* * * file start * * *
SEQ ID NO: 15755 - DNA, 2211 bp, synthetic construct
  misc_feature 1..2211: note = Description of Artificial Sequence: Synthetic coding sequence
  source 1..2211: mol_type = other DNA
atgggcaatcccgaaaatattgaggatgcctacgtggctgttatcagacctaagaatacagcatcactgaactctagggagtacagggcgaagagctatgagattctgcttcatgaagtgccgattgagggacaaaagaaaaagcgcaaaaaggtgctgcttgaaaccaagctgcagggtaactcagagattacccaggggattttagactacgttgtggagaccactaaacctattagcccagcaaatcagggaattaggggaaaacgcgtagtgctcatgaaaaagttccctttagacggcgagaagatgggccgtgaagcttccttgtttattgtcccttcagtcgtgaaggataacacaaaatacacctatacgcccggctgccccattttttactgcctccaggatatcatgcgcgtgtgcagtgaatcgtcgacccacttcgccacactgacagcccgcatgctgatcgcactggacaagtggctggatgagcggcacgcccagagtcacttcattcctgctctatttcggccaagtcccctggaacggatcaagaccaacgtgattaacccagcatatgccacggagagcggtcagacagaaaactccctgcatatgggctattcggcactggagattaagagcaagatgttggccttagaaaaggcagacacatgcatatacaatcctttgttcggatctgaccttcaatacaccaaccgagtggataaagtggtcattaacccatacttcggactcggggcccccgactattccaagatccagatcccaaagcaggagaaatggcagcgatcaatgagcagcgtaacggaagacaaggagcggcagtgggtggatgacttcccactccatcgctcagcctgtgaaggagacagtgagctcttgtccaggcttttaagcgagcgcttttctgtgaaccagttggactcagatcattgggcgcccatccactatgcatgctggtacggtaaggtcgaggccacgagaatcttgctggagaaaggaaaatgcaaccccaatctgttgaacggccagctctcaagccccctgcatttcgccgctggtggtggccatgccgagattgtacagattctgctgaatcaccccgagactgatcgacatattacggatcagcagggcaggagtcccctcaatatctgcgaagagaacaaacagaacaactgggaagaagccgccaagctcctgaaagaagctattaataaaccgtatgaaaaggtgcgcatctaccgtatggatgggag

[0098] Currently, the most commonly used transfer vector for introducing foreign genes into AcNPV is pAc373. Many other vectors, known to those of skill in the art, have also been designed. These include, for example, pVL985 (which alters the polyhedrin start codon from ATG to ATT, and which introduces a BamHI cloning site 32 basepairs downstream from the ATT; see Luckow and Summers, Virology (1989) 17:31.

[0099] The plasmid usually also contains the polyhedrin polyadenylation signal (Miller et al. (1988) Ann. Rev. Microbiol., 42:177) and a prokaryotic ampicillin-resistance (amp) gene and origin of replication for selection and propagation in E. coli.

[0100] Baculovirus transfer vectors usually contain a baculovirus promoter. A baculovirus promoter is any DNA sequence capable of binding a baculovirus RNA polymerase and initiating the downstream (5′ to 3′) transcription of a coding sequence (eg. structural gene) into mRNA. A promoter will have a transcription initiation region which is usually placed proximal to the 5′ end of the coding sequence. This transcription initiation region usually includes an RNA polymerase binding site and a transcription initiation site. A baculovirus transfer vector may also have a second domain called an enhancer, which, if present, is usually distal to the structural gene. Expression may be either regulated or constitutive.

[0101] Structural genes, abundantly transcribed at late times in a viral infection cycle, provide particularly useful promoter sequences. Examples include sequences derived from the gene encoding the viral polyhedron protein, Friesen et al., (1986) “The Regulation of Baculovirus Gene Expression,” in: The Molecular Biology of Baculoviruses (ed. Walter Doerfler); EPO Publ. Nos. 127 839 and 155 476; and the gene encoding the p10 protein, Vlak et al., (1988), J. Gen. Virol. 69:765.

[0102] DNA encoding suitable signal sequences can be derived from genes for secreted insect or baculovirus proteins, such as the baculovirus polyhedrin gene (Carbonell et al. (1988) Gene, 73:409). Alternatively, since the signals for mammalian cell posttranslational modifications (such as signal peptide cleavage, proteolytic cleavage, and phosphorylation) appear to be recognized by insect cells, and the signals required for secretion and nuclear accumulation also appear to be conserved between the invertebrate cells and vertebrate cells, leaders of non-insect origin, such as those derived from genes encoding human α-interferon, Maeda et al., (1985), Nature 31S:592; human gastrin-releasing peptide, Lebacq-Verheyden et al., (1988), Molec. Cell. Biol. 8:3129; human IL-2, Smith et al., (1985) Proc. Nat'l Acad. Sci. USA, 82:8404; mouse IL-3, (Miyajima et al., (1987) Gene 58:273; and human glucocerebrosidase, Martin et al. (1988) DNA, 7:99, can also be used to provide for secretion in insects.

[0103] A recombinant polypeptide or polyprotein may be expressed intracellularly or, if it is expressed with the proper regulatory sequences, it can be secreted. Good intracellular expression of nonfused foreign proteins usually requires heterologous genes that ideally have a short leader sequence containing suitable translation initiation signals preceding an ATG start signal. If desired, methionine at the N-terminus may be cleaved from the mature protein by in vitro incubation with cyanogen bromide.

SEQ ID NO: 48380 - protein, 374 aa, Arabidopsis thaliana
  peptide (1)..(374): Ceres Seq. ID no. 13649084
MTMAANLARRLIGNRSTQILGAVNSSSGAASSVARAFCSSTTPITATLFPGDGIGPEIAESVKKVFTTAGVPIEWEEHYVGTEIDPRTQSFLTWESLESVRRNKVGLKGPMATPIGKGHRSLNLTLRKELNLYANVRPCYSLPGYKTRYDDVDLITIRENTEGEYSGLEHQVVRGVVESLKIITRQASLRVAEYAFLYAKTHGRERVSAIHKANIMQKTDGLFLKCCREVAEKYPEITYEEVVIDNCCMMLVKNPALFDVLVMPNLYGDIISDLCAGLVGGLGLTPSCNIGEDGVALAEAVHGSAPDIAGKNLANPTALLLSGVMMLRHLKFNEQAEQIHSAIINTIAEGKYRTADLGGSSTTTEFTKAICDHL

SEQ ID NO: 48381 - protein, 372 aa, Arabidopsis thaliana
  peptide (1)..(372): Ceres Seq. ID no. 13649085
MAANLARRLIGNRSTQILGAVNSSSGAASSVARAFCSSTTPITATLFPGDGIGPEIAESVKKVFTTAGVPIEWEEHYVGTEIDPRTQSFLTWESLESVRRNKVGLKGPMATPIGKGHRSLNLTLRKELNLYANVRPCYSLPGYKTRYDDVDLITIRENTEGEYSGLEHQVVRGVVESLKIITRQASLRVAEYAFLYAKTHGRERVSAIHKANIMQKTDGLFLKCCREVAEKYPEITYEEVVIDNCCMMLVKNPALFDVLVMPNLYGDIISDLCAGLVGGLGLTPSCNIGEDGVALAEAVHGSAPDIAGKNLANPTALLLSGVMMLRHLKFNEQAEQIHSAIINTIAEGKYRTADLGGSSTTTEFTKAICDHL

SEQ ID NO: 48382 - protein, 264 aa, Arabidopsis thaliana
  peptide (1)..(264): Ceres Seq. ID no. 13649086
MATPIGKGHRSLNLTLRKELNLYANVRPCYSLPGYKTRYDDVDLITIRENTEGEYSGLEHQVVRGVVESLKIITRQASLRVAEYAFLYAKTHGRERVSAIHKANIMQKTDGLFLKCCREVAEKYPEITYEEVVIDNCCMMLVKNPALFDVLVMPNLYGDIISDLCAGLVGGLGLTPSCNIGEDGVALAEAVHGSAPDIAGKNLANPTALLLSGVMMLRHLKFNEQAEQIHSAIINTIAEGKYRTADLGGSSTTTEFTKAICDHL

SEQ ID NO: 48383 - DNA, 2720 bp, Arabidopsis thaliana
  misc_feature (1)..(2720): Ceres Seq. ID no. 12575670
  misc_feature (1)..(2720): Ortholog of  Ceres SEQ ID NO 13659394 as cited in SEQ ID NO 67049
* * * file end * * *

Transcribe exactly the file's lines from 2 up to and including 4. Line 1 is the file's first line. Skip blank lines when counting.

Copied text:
  misc_feature 1..2211: note = Description of Artificial Sequence: Synthetic coding sequence
  source 1..2211: mol_type = other DNA
atgggcaatcccgaaaatattgaggatgcctacgtggctgttatcagacctaagaatacagcatcactgaactctagggagtacagggcgaagagctatgagattctgcttcatgaagtgccgattgagggacaaaagaaaaagcgcaaaaaggtgctgcttgaaaccaagctgcagggtaactcagagattacccaggggattttagactacgttgtggagaccactaaacctattagcccagcaaatcagggaattaggggaaaacgcgtagtgctcatgaaaaagttccctttagacggcgagaagatgggccgtgaagcttccttgtttattgtcccttcagtcgtgaaggataacacaaaatacacctatacgcccggctgccccattttttactgcctccaggatatcatgcgcgtgtgcagtgaatcgtcgacccacttcgccacactgacagcccgcatgctgatcgcactggacaagtggctggatgagcggcacgcccagagtcacttcattcctgctctatttcggccaagtcccctggaacggatcaagaccaacgtgattaacccagcatatgccacggagagcggtcagacagaaaactccctgcatatgggctattcggcactggagattaagagcaagatgttggccttagaaaaggcagacacatgcatatacaatcctttgttcggatctgaccttcaatacaccaaccgagtggataaagtggtcattaacccatacttcggactcggggcccccgactattccaagatccagatcccaaagcaggagaaatggcagcgatcaatgagcagcgtaacggaagacaaggagcggcagtgggtggatgacttcccactccatcgctcagcctgtgaaggagacagtgagctcttgtccaggcttttaagcgagcgcttttctgtgaaccagttggactcagatcattgggcgcccatccactatgcatgctggtacggtaaggtcgaggccacgagaatcttgctggagaaaggaaaatgcaaccccaatctgttgaacggccagctctcaagccccctgcatttcgccgctggtggtggccatgccgagattgtacagattctgctgaatcaccccgagactgatcgacatattacggatcagcagggcaggagtcccctcaatatctgcgaagagaacaaacagaacaactgggaagaagccgccaagctcctgaaagaagctattaataaaccgtatgaaaaggtgcgcatctaccgtatggatgggag